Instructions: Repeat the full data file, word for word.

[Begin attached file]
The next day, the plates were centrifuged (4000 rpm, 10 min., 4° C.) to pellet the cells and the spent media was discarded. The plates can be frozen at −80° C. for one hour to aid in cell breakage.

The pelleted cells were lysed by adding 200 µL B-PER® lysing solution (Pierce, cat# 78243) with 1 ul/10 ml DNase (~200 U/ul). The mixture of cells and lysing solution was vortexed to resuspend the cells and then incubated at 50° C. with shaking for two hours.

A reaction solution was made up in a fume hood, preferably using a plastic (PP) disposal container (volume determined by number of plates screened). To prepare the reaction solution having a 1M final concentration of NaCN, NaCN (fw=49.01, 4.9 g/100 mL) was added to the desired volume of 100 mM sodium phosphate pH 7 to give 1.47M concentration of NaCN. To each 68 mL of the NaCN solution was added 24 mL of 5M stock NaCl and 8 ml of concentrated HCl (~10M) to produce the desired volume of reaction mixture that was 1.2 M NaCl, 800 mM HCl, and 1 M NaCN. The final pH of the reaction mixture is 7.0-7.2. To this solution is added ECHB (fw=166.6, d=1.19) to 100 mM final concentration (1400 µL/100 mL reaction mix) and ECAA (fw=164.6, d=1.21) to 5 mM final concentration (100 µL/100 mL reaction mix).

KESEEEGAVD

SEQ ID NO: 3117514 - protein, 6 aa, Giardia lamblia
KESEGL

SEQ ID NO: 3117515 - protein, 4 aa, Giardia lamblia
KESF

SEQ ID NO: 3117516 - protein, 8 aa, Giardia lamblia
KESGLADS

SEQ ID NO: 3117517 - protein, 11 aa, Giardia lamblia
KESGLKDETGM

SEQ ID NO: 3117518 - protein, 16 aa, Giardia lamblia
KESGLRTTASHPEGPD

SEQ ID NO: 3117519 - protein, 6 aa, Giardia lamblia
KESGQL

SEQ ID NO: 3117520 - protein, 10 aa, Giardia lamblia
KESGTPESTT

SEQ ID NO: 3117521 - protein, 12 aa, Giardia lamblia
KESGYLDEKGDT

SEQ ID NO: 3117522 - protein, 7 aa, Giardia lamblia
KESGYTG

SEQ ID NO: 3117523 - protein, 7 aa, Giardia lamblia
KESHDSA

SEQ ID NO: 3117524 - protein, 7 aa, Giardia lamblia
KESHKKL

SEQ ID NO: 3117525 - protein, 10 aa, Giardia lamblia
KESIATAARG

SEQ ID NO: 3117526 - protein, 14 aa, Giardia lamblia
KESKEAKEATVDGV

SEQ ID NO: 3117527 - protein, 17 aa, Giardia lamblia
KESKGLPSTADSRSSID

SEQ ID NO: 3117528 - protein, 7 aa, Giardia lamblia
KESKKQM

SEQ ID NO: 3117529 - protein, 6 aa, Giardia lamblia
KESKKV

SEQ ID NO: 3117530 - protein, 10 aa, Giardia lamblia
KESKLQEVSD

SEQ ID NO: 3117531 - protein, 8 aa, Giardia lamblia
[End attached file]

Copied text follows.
The next day, the plates were centrifuged (4000 rpm, 10 min., 4° C.) to pellet the cells and the spent media was discarded. The plates can be frozen at −80° C. for one hour to aid in cell breakage.

The pelleted cells were lysed by adding 200 µL B-PER® lysing solution (Pierce, cat# 78243) with 1 ul/10 ml DNase (~200 U/ul). The mixture of cells and lysing solution was vortexed to resuspend the cells and then incubated at 50° C. with shaking for two hours.

A reaction solution was made up in a fume hood, preferably using a plastic (PP) disposal container (volume determined by number of plates screened). To prepare the reaction solution having a 1M final concentration of NaCN, NaCN (fw=49.01, 4.9 g/100 mL) was added to the desired volume of 100 mM sodium phosphate pH 7 to give 1.47M concentration of NaCN. To each 68 mL of the NaCN solution was added 24 mL of 5M stock NaCl and 8 ml of concentrated HCl (~10M) to produce the desired volume of reaction mixture that was 1.2 M NaCl, 800 mM HCl, and 1 M NaCN. The final pH of the reaction mixture is 7.0-7.2. To this solution is added ECHB (fw=166.6, d=1.19) to 100 mM final concentration (1400 µL/100 mL reaction mix) and ECAA (fw=164.6, d=1.21) to 5 mM final concentration (100 µL/100 mL reaction mix).

KESEEEGAVD

SEQ ID NO: 3117514 - protein, 6 aa, Giardia lamblia
KESEGL

SEQ ID NO: 3117515 - protein, 4 aa, Giardia lamblia
KESF

SEQ ID NO: 3117516 - protein, 8 aa, Giardia lamblia
KESGLADS

SEQ ID NO: 3117517 - protein, 11 aa, Giardia lamblia
KESGLKDETGM

SEQ ID NO: 3117518 - protein, 16 aa, Giardia lamblia
KESGLRTTASHPEGPD

SEQ ID NO: 3117519 - protein, 6 aa, Giardia lamblia
KESGQL

SEQ ID NO: 3117520 - protein, 10 aa, Giardia lamblia
KESGTPESTT

SEQ ID NO: 3117521 - protein, 12 aa, Giardia lamblia
KESGYLDEKGDT

SEQ ID NO: 3117522 - protein, 7 aa, Giardia lamblia
KESGYTG

SEQ ID NO: 3117523 - protein, 7 aa, Giardia lamblia
KESHDSA

SEQ ID NO: 3117524 - protein, 7 aa, Giardia lamblia
KESHKKL

SEQ ID NO: 3117525 - protein, 10 aa, Giardia lamblia
KESIATAARG

SEQ ID NO: 3117526 - protein, 14 aa, Giardia lamblia
KESKEAKEATVDGV

SEQ ID NO: 3117527 - protein, 17 aa, Giardia lamblia
KESKGLPSTADSRSSID

SEQ ID NO: 3117528 - protein, 7 aa, Giardia lamblia
KESKKQM

SEQ ID NO: 3117529 - protein, 6 aa, Giardia lamblia
KESKKV

SEQ ID NO: 3117530 - protein, 10 aa, Giardia lamblia
KESKLQEVSD

SEQ ID NO: 3117531 - protein, 8 aa, Giardia lamblia